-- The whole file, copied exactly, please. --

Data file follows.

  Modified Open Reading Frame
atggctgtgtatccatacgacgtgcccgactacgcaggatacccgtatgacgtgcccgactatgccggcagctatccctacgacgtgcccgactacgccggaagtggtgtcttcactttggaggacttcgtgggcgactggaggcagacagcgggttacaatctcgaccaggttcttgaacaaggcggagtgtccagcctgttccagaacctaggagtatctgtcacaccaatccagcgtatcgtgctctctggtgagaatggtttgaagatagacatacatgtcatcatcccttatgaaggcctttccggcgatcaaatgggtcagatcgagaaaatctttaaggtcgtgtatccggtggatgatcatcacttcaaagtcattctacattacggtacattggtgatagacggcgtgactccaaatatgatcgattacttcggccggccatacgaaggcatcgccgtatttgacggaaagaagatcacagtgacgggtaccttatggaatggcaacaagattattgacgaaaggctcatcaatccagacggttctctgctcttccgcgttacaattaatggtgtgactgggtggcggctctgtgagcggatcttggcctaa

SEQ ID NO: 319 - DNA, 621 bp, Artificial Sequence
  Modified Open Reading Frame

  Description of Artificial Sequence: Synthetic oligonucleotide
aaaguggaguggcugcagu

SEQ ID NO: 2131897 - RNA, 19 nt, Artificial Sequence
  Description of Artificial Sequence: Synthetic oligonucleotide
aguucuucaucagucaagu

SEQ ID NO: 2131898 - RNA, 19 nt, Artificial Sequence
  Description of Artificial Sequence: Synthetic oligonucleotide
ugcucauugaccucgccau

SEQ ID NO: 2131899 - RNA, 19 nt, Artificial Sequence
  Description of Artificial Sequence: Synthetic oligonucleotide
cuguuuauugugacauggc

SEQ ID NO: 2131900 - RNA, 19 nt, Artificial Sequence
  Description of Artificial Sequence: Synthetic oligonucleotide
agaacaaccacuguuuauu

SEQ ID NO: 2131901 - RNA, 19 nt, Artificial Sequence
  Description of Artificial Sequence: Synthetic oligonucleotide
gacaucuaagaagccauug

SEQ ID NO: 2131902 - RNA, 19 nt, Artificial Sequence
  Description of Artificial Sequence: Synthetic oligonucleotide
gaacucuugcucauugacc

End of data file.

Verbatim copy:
  Modified Open Reading Frame
atggctgtgtatccatacgacgtgcccgactacgcaggatacccgtatgacgtgcccgactatgccggcagctatccctacgacgtgcccgactacgccggaagtggtgtcttcactttggaggacttcgtgggcgactggaggcagacagcgggttacaatctcgaccaggttcttgaacaaggcggagtgtccagcctgttccagaacctaggagtatctgtcacaccaatccagcgtatcgtgctctctggtgagaatggtttgaagatagacatacatgtcatcatcccttatgaaggcctttccggcgatcaaatgggtcagatcgagaaaatctttaaggtcgtgtatccggtggatgatcatcacttcaaagtcattctacattacggtacattggtgatagacggcgtgactccaaatatgatcgattacttcggccggccatacgaaggcatcgccgtatttgacggaaagaagatcacagtgacgggtaccttatggaatggcaacaagattattgacgaaaggctcatcaatccagacggttctctgctcttccgcgttacaattaatggtgtgactgggtggcggctctgtgagcggatcttggcctaa

SEQ ID NO: 319 - DNA, 621 bp, Artificial Sequence
  Modified Open Reading Frame

  Description of Artificial Sequence: Synthetic oligonucleotide
aaaguggaguggcugcagu

SEQ ID NO: 2131897 - RNA, 19 nt, Artificial Sequence
  Description of Artificial Sequence: Synthetic oligonucleotide
aguucuucaucagucaagu

SEQ ID NO: 2131898 - RNA, 19 nt, Artificial Sequence
  Description of Artificial Sequence: Synthetic oligonucleotide
ugcucauugaccucgccau

SEQ ID NO: 2131899 - RNA, 19 nt, Artificial Sequence
  Description of Artificial Sequence: Synthetic oligonucleotide
cuguuuauugugacauggc

SEQ ID NO: 2131900 - RNA, 19 nt, Artificial Sequence
  Description of Artificial Sequence: Synthetic oligonucleotide
agaacaaccacuguuuauu

SEQ ID NO: 2131901 - RNA, 19 nt, Artificial Sequence
  Description of Artificial Sequence: Synthetic oligonucleotide
gacaucuaagaagccauug

SEQ ID NO: 2131902 - RNA, 19 nt, Artificial Sequence
  Description of Artificial Sequence: Synthetic oligonucleotide
gaacucuugcucauugacc